Residents in Oronogo say increased animal population is causing damage to homes

Residents in Oronogo say increased animal population is causing damage to homes
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Residents near the Oronogo Circle mining pit, say clean up efforts by the Environmental Protection Agency are displacing animals out of their natural habitats and into their homes to do damage.

“It’s bad,” said Martha Gratton, resident. “It really is and it’s scary.”

Gratton and her daughter, Carolyn Murray, live just outside the Oronogo Circle, where clean up efforts are currently underway.

They believe that is causing snakes, foxes, raccoons and a variety of rodents to invade their neighborhood.

“It makes sense that those animals would be living in that habitat but now their habitat has been destroyed,” Murray said.

“In just the last six to seven months, it’s gotten really bad,” Gratton said.

They have already spent a couple thousand dollars on repairs beneath the foundation.

“I have had to have all my plumbing that was newly plumbed, re-plumbed again because of groundhogs,” Murray said. “It’s not just one groundhog. There are dens of them.”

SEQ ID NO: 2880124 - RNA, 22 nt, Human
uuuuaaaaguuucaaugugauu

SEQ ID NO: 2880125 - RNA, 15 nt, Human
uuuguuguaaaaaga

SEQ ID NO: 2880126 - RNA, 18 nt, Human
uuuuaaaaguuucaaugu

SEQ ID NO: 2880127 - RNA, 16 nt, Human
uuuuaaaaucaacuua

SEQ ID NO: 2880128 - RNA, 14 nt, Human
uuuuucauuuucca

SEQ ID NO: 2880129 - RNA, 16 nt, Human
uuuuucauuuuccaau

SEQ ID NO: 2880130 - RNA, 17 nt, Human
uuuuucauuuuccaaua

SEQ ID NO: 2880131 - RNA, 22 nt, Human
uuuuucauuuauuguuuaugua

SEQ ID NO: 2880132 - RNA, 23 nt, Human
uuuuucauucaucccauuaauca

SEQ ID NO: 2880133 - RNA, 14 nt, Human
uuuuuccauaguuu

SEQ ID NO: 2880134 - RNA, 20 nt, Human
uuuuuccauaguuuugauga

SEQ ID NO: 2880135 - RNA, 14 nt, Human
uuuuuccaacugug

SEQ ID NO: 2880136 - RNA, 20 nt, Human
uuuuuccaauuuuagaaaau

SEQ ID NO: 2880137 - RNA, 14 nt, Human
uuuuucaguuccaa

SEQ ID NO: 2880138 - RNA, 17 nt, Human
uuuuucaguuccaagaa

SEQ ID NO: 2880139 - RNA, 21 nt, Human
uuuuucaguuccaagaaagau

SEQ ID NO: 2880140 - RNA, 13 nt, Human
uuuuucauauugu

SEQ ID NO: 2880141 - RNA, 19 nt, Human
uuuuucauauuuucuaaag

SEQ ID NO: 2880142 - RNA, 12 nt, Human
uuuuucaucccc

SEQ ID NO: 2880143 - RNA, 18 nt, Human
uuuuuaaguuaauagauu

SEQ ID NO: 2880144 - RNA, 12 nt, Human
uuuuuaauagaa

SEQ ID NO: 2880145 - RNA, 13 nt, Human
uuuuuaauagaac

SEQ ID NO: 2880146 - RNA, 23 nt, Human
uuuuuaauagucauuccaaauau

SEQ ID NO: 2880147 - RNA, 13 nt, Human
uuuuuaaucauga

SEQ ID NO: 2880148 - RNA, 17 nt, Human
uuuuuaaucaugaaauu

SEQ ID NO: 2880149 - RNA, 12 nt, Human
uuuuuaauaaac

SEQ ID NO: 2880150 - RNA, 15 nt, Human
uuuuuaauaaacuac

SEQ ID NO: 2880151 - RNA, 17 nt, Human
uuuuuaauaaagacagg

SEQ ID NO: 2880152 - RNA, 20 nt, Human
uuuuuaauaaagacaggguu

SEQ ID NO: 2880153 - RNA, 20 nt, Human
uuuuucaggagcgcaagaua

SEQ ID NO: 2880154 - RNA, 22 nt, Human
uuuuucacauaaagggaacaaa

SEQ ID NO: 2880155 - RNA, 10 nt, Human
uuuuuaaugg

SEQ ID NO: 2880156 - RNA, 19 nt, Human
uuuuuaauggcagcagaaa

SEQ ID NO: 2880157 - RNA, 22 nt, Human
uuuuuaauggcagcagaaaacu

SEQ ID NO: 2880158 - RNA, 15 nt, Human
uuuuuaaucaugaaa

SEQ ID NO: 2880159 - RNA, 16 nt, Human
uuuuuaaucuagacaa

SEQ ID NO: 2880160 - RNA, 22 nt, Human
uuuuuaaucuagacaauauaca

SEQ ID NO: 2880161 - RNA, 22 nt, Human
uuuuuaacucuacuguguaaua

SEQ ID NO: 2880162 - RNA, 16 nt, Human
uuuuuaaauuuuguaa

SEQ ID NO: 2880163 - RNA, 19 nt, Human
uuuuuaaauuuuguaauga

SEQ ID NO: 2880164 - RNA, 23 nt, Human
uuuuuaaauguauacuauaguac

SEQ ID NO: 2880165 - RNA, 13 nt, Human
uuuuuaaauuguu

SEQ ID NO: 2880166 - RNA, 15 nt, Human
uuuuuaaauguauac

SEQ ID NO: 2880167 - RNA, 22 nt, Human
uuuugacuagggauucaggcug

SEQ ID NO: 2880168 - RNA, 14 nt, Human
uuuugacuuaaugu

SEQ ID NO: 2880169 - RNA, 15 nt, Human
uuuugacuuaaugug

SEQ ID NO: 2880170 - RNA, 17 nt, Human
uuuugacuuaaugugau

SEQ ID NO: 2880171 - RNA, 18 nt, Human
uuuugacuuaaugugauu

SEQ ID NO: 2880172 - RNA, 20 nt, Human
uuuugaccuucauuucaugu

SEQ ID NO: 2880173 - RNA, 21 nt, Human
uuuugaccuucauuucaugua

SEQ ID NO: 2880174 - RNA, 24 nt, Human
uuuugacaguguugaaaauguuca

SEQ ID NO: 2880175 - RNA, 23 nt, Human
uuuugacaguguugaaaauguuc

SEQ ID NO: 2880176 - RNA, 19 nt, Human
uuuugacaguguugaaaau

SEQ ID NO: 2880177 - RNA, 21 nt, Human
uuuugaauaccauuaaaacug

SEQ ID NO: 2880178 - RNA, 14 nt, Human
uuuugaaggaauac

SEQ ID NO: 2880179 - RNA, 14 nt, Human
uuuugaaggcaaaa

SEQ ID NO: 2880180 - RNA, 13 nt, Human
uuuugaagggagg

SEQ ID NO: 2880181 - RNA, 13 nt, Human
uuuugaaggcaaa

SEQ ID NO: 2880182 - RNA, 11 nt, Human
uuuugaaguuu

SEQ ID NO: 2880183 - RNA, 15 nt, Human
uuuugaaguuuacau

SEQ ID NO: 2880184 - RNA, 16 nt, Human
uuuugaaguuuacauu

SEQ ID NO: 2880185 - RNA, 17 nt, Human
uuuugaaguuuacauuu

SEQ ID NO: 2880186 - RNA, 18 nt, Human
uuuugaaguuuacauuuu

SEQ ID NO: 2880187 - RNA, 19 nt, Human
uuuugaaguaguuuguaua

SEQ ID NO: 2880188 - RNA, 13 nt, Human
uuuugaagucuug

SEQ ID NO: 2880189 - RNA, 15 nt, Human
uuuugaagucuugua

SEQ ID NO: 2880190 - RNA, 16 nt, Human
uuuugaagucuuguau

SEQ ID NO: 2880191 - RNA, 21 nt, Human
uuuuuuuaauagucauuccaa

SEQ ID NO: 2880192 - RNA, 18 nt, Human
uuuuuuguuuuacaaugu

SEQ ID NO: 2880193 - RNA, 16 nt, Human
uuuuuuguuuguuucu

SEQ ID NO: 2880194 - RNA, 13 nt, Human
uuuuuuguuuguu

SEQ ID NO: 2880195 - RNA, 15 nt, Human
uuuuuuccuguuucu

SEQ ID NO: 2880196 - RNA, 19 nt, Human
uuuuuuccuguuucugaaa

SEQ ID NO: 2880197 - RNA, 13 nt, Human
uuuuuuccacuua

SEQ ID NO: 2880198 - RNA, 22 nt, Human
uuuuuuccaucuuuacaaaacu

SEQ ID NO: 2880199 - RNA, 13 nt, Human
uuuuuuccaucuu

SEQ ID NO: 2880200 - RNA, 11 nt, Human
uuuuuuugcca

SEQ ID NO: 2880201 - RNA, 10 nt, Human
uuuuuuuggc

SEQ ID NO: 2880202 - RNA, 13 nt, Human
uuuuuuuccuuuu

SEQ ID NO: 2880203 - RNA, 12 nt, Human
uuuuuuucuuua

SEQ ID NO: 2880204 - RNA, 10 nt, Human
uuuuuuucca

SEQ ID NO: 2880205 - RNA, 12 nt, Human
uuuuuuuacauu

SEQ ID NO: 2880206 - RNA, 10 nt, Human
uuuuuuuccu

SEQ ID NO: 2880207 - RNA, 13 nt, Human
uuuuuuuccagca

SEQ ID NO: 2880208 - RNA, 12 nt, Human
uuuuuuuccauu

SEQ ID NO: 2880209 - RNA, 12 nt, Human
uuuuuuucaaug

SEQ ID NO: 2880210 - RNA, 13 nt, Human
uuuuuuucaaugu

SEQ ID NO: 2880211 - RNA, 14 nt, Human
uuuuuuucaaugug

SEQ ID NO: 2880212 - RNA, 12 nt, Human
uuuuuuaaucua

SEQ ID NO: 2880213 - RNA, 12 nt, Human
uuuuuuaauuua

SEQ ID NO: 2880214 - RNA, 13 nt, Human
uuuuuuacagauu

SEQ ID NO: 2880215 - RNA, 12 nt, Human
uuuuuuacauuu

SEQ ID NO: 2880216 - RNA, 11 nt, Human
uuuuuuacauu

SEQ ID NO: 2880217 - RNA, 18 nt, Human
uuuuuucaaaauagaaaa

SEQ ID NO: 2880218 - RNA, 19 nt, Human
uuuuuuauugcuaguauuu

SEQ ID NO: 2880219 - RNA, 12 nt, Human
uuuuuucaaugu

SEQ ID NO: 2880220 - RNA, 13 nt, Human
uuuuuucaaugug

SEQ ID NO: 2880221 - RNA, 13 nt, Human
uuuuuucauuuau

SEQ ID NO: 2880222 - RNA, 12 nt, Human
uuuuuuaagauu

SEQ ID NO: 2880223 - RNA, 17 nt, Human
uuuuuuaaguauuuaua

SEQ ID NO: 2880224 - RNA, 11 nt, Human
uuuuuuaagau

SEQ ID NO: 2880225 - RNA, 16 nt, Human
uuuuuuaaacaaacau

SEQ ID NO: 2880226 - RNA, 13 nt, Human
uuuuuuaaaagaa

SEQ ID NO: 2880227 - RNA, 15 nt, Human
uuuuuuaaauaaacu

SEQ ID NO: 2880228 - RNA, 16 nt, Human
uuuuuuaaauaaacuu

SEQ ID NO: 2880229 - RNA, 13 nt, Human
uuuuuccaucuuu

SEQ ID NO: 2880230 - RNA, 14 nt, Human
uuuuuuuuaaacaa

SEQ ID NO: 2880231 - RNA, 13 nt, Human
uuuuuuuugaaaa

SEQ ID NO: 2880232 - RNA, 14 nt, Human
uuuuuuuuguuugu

Wildlife officials say it is difficult to determine whether the increased animal population is a direct result of cleanup efforts.

“There may be some animals around the edges that we’ve disturbed and pushed out, because we have to do the clearing in the area to get the trees out of the way, but they will disperse over time,” said Mark Doolan, remedial project manager for EPA.

Doolan says the cleanup will have a positive impact in the long run.

“Our number one goal is to protect human health and the environment, but we’re also very interested in turning old, abandoned land into productive use,” Doolan said.

In the meantime, Martha and Carolyn have hired professional trapper Terry Barlow, who says eliminating food sources is key.

“A lot of it is due to that the habitat is no longer there for them to hunt, forage, look for food, even their shelter is gone,” Barlow said.

Carolyn and Martha just hope the animals looking for a new home, won’t end up moving them out of theirs.

EPA cleanup work in the Oronogo area began nearly two years ago, and officials say the stretch from Oronogo into Duenweg, MO will be complete within the next two years.